Archive for the ‘Africa’ category
As I was reading the October newsletter of Renewal Ministries, I lingered for a while over this photo that appeared on page seven within Tom Edwards’ account of their team’s recent missionary/evangelization efforts in Tanga, Tanzania. No chairs. No air conditioning. I don’t even see any bottles of water. Probably 2,000 or more people, counting those not captured in the photo. A significant number of young folk. “Blessed are the poor in spirit,…”
Amid America’s greed-induced economic collapse and expansion of the culture of death, we may tend to focus on our own sufferings, real as they may be for some of us. Then one reads an article like this one, and our sufferings, though still very real, don’t loom as large. As a husband and father, reading about suffering like this, my heart breaks for these people. Seeing pictures like these makes it even worse, though they are not really very graphic at all. Imagine the anguish, the frustration, the fear. I can’t even begin to imagine my children having to endure something like this. These people epitomize the “blessed” of the first Beatitude – “the poor in spirit.” They are absolutely helpless, and must depend entirely on the Lord and on others for assistance.
In his Message for Lent this year, our Holy Father points to something we can do to show our unity with these suffering people:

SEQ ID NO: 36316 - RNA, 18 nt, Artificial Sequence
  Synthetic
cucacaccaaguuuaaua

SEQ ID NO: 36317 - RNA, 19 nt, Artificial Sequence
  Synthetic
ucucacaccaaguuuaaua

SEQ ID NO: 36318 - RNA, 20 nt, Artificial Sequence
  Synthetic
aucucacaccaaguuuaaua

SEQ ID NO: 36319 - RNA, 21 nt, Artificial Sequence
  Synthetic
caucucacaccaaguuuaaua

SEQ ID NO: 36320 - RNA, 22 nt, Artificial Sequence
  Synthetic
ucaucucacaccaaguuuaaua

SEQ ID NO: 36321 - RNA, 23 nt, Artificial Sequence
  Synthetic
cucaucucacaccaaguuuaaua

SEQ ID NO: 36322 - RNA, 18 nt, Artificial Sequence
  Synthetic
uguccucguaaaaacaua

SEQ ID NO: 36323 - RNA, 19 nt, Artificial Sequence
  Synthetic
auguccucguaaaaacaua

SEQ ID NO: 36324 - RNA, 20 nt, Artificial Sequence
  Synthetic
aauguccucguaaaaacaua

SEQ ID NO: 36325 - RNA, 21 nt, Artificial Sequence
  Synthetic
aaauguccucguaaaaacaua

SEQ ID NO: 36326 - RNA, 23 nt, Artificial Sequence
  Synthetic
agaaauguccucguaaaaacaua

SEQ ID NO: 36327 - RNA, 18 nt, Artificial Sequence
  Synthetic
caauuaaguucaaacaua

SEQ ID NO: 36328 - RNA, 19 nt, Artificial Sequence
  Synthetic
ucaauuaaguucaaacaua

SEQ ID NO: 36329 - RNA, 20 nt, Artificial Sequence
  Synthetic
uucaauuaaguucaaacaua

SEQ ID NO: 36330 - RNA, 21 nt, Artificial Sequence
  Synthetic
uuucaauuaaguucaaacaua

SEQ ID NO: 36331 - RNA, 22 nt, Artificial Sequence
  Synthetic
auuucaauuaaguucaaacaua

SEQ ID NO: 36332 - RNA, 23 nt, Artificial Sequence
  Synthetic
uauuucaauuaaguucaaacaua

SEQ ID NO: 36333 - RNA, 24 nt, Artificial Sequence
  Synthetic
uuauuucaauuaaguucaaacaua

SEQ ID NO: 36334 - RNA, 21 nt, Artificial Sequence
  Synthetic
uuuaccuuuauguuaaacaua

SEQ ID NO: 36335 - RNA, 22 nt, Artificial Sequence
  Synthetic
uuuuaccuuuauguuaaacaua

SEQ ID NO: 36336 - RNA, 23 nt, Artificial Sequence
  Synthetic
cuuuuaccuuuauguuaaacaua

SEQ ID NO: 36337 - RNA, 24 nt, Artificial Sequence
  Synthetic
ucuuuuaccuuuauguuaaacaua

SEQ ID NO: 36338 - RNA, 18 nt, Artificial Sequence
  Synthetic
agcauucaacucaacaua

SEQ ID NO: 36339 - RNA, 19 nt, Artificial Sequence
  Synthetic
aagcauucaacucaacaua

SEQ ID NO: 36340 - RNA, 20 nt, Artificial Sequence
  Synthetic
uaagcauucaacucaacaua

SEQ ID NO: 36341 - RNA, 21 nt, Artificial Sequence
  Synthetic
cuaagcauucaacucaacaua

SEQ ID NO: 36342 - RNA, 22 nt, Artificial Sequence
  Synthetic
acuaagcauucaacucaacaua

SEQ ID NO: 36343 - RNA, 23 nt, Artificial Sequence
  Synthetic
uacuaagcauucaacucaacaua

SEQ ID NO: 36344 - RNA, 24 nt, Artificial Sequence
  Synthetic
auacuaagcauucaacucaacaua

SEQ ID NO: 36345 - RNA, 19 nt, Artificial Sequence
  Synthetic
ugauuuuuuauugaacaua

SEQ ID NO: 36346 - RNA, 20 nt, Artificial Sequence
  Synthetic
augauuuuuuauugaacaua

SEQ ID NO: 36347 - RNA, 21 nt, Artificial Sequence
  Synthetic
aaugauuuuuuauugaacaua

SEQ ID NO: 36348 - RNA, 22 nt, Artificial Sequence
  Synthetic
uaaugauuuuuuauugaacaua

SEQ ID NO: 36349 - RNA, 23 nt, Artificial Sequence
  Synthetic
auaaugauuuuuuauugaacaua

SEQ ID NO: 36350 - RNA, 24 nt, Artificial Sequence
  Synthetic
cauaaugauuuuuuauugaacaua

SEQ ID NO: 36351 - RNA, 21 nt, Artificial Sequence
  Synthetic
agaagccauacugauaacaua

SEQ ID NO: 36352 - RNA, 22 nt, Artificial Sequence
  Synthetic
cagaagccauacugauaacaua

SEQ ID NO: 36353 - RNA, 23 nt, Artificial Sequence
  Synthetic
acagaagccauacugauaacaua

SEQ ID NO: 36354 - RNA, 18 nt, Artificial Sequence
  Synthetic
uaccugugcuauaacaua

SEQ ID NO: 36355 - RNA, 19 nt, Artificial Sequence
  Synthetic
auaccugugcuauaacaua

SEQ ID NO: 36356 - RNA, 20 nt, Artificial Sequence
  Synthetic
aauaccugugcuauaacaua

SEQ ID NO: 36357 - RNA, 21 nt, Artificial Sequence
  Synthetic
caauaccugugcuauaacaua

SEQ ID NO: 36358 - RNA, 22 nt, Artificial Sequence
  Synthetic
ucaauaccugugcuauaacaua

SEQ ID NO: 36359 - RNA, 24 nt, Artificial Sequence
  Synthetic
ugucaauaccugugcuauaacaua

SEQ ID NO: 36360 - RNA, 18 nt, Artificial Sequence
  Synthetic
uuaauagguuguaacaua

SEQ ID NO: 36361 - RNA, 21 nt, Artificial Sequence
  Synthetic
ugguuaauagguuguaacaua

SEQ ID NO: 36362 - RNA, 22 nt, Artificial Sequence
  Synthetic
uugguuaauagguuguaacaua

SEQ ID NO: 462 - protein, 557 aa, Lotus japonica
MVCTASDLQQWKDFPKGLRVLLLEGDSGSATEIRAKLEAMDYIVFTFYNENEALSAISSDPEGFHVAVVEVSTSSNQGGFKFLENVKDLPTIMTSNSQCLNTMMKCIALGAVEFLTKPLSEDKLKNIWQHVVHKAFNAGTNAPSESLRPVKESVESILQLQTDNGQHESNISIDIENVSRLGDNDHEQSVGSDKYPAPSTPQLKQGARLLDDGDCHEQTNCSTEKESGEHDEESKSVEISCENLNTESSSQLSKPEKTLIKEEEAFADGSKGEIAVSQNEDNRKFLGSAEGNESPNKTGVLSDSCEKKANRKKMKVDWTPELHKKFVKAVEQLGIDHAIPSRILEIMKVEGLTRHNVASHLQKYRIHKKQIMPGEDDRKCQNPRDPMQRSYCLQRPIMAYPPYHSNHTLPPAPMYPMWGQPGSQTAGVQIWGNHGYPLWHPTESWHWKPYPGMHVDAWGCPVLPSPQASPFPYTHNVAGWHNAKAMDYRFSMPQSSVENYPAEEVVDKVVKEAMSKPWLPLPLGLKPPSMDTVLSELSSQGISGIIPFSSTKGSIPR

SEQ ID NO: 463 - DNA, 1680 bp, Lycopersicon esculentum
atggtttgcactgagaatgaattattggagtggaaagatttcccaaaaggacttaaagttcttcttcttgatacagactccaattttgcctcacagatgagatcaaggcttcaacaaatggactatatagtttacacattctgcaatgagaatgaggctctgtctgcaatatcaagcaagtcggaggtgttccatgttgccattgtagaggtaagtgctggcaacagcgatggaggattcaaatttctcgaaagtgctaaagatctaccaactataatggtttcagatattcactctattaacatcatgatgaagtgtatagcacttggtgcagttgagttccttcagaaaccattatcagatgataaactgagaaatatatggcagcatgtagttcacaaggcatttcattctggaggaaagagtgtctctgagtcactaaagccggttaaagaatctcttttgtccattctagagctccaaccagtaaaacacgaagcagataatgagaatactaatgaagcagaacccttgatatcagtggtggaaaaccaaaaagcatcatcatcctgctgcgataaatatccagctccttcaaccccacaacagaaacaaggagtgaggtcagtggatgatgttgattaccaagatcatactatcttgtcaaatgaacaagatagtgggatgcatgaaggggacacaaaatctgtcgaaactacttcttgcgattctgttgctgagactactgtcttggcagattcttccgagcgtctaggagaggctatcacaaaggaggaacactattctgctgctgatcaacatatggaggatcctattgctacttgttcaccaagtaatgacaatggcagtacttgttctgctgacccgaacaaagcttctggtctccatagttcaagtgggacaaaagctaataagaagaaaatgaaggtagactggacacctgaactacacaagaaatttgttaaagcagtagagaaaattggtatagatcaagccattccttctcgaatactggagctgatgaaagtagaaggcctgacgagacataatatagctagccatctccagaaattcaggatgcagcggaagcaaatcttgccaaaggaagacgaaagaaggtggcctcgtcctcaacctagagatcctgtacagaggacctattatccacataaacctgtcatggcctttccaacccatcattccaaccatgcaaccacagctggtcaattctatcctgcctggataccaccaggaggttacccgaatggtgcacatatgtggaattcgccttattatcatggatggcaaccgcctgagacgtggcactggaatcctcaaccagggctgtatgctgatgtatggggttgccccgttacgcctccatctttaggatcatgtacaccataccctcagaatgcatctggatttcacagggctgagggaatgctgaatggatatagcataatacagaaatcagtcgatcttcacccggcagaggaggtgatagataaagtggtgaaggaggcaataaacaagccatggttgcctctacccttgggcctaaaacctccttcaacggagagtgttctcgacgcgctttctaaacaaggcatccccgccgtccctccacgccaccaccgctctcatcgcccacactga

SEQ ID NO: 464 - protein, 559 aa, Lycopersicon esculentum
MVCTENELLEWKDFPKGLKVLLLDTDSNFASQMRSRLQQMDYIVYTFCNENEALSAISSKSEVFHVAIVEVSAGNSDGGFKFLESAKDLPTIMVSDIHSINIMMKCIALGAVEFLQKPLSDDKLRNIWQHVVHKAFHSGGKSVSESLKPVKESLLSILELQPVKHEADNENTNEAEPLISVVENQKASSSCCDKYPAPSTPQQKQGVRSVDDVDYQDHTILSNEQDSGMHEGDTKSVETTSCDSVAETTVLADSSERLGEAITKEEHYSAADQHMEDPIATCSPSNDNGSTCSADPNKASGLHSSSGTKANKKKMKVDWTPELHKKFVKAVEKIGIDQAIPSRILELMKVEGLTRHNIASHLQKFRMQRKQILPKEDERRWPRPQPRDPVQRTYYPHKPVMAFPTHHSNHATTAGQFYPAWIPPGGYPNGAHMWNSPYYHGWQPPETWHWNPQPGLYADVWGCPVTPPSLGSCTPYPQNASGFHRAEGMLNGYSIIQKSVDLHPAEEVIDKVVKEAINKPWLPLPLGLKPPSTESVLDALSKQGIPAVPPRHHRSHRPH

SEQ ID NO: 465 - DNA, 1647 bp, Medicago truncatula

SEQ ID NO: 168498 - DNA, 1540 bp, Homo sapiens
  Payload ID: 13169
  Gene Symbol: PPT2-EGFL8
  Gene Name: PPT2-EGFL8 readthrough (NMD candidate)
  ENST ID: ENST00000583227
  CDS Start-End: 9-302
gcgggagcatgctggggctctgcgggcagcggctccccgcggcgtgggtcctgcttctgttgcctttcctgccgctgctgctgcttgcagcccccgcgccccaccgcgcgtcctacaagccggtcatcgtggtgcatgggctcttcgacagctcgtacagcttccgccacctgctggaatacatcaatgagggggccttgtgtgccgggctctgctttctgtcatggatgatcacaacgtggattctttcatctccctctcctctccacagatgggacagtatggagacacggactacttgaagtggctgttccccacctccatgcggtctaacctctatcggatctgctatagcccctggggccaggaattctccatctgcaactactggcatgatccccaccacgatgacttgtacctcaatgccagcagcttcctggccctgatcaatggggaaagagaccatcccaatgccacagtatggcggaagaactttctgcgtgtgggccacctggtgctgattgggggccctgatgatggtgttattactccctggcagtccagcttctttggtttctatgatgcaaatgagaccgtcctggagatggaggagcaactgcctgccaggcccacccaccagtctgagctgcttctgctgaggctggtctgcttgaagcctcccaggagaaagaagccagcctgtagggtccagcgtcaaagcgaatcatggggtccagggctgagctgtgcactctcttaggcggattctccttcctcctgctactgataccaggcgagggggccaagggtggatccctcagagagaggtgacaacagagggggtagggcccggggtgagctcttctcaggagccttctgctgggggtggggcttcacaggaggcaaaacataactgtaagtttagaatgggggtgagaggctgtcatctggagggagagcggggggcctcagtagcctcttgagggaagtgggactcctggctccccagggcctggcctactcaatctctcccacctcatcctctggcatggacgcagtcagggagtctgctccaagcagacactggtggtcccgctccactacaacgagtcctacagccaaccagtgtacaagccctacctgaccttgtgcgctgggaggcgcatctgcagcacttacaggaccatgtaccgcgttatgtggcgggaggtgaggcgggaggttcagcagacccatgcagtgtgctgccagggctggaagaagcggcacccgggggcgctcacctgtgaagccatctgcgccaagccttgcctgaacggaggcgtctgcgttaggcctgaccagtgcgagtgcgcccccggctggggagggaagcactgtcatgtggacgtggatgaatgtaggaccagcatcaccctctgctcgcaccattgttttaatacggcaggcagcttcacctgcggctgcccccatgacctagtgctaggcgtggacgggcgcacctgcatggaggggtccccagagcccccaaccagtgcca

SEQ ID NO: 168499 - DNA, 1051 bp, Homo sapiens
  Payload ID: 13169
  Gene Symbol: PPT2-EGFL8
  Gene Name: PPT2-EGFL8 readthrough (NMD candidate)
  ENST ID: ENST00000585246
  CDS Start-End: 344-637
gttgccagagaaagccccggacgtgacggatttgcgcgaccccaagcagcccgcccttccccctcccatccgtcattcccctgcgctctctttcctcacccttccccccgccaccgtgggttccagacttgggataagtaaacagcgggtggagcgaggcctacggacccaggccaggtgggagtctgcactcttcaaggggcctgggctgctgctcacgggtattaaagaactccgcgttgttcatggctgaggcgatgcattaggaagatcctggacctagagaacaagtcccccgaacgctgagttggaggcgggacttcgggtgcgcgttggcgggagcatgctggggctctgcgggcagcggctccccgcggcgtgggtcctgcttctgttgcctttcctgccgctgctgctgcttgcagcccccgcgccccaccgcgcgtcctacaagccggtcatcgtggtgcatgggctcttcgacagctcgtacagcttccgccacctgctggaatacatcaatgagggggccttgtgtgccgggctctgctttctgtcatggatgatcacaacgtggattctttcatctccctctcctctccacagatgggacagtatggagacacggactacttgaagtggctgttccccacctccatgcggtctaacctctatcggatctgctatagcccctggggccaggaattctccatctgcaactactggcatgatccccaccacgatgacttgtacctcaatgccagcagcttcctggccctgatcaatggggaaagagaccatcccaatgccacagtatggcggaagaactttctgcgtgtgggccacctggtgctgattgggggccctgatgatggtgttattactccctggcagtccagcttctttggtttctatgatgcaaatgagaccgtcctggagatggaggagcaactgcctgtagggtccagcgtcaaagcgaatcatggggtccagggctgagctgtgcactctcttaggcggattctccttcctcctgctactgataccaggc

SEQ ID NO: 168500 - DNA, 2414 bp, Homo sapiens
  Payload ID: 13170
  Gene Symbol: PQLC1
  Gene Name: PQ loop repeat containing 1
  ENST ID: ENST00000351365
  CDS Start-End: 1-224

At the same time, fasting is an aid to open our eyes to the situation in which so many of our brothers and sisters live……Voluntary fasting enables us to grow in the spirit of the Good Samaritan, who bends low and goes to the help of his suffering brother. By freely embracing an act of self-denial for the sake of another, we make a statement that our brother or sister in need is not a stranger. It is precisely to keep alive this welcoming and attentive attitude towards our brothers and sisters that I encourage the parishes and every other community to intensify in Lent the custom of private and communal fasts, joined to the reading of the Word of God, prayer and almsgiving.
Unfortunately, we may have no concrete way of helping these Zimbabweans. The people to whom they fled, the ones most able to help them, are refusing to render any assistance at all. May the Lord inspire the hearts of the South Africans with compassion and self-giving love.